From June through November of 2013, Exploration Vessel Nautilus will explore the Gulf of Mexico and the Caribbean Sea. Our rotating Corps of Exploration aboard EV Nautilus will be mapping the geological, biological, archaeological and chemical aspects of these regions to depths of approximately 2000 meters. During the expedition, we will be sharing our discoveries live on the web via telepresence technology, putting the unexplored ocean directly in your hands via our new interactive initiative, Exploration Now.
2013 Expedition Calendar
Ecosystem Impacts of Oil and Gas Inputs to the Gulf June 21, 2013 to July 4, 2013
Natural Hydrocarbon Detection Mapping July 8, 2013 to July 17, 2013
Shipwreck 15577 July 17, 2013 to July 25, 2013
In July 2013, Nautilus conducted a detailed survey of shipwreck site 15577 in the Gulf of Mexico.
Natural Hydrocarbon Detection ROV/AUV July 28, 2013 to August 12, 2013
Galveston to Cayman Transit August 13, 2013 to August 18, 2013
Cayman Rise August 19, 2013 to August 30, 2013
Greater Antilles October 4, 2013 to October 18, 2013
Transit October 19, 2013 to October 20, 2013
Impact of Volcanic Eruptions on the Seafloor October 21, 2013 to October 29, 2013
Kick’em Jenny & Trinidad Tar Seeps November 1, 2013 to November 16, 2013
The 2013 expedition season consists of multiple cruise legs and will begin off the U.S. coast in the Gulf of Mexico. Subsequent cruise legs will bring the ship and the Nautilus Corps of Exploration to the Cayman Islands, Puerto Rico, Montserrat, Grenada and Trinidad & Tobago in the Caribbean Sea. Our Corps of Exploration will also join researchers in the Mediterranean Sea off the coast of Turkey aboard the Bodrum.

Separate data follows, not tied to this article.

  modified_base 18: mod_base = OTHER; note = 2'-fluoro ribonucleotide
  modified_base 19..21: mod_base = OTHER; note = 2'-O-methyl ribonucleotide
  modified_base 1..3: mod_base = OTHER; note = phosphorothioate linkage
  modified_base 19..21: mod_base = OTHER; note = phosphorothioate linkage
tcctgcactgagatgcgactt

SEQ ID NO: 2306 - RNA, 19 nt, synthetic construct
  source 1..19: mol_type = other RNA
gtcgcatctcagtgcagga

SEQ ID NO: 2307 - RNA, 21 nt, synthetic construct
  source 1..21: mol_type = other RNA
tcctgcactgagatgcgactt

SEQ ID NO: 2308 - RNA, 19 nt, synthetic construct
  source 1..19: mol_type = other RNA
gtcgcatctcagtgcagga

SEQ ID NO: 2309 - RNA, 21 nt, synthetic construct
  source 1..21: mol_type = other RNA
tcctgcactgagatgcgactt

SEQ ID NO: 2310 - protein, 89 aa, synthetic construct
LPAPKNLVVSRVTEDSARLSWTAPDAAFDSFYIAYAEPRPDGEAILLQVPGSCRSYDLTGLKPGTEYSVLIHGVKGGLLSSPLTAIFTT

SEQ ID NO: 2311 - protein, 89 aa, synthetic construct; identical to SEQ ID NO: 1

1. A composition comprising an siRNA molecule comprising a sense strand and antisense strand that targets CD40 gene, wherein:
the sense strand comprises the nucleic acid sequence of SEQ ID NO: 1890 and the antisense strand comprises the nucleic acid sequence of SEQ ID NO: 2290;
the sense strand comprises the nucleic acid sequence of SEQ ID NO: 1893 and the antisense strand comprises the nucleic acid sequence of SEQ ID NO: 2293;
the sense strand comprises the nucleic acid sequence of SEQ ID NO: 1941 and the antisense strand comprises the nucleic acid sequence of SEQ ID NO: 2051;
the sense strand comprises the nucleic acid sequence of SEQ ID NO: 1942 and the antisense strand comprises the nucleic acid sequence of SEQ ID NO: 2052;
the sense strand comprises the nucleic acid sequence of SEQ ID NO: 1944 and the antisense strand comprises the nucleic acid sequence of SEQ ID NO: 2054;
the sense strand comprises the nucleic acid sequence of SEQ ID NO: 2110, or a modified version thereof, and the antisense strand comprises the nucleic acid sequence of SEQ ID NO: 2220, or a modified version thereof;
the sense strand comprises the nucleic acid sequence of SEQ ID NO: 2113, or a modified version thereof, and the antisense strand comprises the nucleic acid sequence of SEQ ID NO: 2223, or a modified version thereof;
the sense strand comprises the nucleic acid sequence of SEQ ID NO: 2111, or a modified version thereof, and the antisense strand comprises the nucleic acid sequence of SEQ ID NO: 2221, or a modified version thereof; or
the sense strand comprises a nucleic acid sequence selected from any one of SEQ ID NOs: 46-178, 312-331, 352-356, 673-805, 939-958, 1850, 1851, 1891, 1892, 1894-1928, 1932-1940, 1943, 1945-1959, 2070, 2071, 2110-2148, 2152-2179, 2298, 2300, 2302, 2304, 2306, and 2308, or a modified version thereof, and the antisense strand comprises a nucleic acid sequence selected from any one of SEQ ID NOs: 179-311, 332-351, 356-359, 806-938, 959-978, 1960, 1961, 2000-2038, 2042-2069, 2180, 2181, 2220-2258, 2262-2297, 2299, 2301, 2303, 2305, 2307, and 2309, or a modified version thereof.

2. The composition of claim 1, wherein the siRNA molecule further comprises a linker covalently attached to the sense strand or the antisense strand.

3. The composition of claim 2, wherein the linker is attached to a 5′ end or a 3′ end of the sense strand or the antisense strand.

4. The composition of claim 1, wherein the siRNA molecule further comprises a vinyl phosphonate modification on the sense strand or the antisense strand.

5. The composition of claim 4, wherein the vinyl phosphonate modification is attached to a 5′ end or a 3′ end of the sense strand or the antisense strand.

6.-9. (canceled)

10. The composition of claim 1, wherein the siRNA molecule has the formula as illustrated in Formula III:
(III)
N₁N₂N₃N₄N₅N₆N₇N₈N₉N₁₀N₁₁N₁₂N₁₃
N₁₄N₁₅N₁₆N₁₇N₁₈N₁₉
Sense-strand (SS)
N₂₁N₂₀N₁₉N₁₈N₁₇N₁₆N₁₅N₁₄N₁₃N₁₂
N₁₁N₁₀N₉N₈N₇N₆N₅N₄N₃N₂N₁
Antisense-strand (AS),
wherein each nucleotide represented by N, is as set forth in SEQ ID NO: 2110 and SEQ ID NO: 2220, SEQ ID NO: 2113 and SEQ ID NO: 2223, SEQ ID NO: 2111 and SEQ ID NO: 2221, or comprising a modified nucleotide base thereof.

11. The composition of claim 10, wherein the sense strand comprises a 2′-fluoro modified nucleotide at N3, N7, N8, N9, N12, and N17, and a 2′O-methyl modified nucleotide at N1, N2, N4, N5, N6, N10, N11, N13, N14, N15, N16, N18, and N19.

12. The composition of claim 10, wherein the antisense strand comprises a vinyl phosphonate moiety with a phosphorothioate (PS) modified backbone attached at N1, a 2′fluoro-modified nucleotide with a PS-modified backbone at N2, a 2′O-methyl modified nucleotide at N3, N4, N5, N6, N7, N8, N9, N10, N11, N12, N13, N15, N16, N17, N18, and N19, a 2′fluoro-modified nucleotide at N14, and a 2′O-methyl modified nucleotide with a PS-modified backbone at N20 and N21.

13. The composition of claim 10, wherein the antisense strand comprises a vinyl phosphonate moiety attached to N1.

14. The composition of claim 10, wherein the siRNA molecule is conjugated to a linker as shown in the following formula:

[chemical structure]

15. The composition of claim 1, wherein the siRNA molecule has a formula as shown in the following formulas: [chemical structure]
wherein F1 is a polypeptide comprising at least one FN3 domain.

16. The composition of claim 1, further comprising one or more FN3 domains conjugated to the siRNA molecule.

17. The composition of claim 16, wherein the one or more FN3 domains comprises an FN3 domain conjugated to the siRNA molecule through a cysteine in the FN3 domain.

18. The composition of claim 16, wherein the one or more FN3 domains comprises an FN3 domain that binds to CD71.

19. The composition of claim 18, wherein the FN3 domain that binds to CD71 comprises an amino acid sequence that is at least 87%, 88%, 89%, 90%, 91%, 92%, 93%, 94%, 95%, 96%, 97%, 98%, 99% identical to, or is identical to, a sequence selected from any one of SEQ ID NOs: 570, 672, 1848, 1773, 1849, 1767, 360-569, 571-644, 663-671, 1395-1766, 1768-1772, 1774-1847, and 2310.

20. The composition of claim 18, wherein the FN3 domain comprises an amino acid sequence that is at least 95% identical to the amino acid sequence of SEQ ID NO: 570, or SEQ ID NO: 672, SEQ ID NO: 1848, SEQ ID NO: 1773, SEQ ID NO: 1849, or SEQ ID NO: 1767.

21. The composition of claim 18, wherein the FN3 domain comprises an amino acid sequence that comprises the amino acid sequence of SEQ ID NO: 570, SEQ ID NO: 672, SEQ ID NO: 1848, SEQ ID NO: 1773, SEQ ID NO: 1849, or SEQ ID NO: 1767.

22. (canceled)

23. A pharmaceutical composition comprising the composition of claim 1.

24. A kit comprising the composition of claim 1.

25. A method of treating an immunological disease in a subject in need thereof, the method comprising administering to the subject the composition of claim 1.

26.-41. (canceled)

E/V Nautilus is a 211-foot research vessel equipped with state-of-the-art exploration and telepresence technology. Our primary remotely operated vehicles (ROVs) on board, named Hercules and Argus, will be used to view the seafloor with high definition video, take environmental measurements and collect geological and biological samples. Our brand new hull-mounted multibeam system will be utilizing side-scan and subbottom sonar technology to explore the seafloor and seek out compelling targets for closer investigation and study.
Dr. Robert Ballard and Dr. Katherine Croff Bell of the Ocean Exploration Trust lead the Nautilus Corps of Exploration, which includes a rotating team of more than 150 scientists, engineers, educators and students as they explore these poorly understood regions of the world’s oceans. All of the video and data that we collect will be transmitted via satellite to the Inner Space Center, located at the University of Rhode Island Graduate School of Oceanography, where Dr. Ballard is a professor of oceanography. From this “mission control,” our video feeds from the ship and under the sea will be broadcast live on the internet so that anyone in the world can join our Corps of Exploration from home and be a part of the exploration as it happens.
The 2013 Nautilus Exploration Program is made possible through partnerships with the National Oceanic and Atmospheric Administration (NOAA), Ocean Exploration Trust (OET) Bechtel, Sea Research Foundation, National Geographic Society, Office of Naval Research, and the University of Rhode Island.